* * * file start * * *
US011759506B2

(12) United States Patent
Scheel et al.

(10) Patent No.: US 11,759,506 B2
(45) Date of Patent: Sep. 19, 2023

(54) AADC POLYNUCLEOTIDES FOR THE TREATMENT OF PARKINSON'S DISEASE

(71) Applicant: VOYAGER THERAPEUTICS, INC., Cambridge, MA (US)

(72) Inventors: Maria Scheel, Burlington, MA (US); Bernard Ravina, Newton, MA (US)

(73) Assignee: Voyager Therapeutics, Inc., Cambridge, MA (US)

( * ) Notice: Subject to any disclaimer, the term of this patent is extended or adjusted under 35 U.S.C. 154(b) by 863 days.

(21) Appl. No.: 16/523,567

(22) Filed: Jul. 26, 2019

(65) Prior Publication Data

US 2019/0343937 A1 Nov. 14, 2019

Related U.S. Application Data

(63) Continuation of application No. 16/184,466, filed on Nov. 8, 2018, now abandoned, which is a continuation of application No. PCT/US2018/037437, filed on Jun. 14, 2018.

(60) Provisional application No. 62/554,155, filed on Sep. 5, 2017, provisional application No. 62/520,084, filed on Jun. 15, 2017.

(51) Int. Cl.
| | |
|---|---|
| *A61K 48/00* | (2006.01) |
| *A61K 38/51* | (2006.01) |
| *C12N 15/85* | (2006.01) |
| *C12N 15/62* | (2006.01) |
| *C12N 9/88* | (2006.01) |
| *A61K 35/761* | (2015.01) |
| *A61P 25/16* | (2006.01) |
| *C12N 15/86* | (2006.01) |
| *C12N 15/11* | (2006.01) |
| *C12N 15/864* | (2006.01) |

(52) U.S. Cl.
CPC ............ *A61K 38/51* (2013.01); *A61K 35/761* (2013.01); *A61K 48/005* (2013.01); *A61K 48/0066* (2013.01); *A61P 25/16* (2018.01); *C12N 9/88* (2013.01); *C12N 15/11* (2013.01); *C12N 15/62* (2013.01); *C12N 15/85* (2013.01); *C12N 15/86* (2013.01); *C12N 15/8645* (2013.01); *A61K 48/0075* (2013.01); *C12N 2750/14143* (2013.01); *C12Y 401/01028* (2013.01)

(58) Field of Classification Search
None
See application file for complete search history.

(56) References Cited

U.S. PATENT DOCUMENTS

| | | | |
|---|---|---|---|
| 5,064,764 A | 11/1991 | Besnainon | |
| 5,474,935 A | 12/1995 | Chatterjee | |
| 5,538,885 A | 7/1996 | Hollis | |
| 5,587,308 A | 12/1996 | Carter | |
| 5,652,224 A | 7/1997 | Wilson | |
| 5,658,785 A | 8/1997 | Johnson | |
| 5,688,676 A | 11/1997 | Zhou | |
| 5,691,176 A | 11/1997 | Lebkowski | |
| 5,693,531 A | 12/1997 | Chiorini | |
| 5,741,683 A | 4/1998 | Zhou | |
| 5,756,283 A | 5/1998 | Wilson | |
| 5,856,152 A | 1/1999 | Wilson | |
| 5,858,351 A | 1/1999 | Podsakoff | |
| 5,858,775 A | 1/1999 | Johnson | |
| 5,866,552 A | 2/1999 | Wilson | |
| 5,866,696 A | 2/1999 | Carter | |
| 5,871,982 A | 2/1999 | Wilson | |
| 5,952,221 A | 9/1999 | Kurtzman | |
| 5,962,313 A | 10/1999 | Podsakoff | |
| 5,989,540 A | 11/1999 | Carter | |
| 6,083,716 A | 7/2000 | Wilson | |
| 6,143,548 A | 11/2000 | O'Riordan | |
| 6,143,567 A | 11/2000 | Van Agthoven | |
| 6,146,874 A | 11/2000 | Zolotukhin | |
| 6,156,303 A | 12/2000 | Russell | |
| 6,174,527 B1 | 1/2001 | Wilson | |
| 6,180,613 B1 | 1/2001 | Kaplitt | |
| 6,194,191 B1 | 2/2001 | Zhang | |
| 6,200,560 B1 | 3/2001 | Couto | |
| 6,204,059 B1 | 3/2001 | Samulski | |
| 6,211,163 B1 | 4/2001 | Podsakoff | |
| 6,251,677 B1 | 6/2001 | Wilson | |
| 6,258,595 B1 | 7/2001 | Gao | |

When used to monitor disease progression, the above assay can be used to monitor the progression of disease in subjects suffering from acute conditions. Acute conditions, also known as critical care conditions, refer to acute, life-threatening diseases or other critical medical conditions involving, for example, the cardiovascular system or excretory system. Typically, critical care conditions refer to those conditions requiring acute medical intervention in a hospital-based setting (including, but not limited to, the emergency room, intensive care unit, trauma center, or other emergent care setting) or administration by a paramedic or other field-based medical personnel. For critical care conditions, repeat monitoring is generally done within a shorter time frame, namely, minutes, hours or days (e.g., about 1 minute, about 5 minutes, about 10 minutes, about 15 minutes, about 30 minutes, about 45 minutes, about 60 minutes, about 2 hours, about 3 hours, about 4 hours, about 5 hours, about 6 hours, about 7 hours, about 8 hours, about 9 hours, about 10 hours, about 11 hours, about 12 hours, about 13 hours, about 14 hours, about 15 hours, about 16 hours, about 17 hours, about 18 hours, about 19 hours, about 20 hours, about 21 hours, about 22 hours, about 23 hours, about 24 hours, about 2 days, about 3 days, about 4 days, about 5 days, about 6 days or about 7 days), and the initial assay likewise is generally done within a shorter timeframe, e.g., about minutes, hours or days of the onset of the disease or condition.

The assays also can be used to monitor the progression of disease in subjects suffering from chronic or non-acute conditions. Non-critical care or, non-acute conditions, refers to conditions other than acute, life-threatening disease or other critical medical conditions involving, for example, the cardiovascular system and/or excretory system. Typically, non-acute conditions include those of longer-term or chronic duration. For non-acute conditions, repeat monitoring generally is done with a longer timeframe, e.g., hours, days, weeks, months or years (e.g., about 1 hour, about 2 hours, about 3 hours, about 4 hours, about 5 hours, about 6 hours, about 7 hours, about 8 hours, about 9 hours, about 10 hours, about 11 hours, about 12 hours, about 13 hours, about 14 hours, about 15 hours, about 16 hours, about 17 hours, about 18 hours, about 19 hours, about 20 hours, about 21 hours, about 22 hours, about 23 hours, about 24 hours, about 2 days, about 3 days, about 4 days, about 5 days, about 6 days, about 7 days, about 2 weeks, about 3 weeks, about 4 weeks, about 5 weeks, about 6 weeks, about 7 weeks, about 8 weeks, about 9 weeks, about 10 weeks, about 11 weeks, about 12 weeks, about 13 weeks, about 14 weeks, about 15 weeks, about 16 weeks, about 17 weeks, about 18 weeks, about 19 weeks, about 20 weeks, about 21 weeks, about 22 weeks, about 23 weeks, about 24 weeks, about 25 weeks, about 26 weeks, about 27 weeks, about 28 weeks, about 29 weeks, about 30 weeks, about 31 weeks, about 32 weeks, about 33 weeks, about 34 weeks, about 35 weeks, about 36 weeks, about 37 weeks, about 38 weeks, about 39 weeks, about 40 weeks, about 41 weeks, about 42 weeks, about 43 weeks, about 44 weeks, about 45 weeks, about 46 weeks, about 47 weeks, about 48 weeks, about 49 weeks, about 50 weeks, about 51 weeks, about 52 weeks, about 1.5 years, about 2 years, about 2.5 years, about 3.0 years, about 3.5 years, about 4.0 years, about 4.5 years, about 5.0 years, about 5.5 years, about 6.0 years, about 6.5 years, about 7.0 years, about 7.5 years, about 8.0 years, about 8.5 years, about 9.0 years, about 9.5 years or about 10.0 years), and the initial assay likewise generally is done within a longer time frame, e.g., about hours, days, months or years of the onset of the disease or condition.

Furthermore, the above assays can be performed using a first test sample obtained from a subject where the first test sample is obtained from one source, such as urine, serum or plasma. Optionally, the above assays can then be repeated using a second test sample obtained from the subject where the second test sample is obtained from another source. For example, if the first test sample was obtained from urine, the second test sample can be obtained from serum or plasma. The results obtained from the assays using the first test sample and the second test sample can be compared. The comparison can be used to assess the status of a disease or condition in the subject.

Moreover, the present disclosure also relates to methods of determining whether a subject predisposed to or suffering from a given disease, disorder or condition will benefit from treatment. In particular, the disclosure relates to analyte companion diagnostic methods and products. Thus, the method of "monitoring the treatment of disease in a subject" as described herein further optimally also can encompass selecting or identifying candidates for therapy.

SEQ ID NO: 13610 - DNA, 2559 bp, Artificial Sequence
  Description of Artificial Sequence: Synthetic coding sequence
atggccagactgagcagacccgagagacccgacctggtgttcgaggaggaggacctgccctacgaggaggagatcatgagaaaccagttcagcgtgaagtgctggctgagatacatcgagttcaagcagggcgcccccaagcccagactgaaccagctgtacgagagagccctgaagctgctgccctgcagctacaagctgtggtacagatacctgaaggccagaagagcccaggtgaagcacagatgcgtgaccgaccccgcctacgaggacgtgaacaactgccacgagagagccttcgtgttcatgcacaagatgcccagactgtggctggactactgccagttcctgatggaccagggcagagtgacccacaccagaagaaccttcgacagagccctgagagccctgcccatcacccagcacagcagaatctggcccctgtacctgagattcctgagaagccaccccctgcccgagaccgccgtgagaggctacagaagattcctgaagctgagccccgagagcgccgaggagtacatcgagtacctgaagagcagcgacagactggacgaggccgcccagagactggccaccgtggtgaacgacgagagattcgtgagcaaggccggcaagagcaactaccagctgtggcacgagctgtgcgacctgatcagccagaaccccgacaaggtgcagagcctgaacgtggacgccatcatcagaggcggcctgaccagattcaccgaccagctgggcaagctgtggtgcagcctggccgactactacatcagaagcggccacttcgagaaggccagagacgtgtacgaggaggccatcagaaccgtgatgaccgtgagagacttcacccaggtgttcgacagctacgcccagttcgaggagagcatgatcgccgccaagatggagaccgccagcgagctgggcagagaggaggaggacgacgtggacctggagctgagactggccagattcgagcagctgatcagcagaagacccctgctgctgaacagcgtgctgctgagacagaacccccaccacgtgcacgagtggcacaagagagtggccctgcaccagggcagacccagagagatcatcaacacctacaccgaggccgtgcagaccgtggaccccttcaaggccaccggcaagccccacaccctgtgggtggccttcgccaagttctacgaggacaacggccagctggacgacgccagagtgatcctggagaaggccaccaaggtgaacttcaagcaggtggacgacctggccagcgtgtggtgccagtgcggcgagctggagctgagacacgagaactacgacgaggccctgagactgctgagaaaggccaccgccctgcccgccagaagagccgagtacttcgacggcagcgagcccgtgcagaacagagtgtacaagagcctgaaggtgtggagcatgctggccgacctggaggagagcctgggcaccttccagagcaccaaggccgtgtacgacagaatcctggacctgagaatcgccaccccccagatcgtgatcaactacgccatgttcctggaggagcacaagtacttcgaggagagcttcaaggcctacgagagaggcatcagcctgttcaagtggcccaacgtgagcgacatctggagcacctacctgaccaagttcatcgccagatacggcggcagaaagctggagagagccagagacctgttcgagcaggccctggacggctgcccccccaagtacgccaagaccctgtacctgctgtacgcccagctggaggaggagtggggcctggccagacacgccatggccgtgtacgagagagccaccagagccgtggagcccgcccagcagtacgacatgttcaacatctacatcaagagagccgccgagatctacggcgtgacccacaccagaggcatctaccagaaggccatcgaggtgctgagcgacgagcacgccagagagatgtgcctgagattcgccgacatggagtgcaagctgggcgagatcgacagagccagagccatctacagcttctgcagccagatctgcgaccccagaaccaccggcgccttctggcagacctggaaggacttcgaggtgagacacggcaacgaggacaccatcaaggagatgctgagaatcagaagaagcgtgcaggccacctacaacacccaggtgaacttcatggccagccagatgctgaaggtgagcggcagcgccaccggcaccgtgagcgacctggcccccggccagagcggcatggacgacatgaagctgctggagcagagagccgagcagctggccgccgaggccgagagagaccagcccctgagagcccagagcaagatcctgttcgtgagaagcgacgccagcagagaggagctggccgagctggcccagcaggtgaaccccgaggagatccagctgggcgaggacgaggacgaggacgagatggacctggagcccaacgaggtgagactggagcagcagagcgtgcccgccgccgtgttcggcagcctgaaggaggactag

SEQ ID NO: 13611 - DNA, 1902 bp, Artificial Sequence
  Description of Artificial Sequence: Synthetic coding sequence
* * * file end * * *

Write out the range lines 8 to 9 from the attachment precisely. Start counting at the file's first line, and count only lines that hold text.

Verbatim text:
(72) Inventors: Maria Scheel, Burlington, MA (US); Bernard Ravina, Newton, MA (US)

(73) Assignee: Voyager Therapeutics, Inc., Cambridge, MA (US)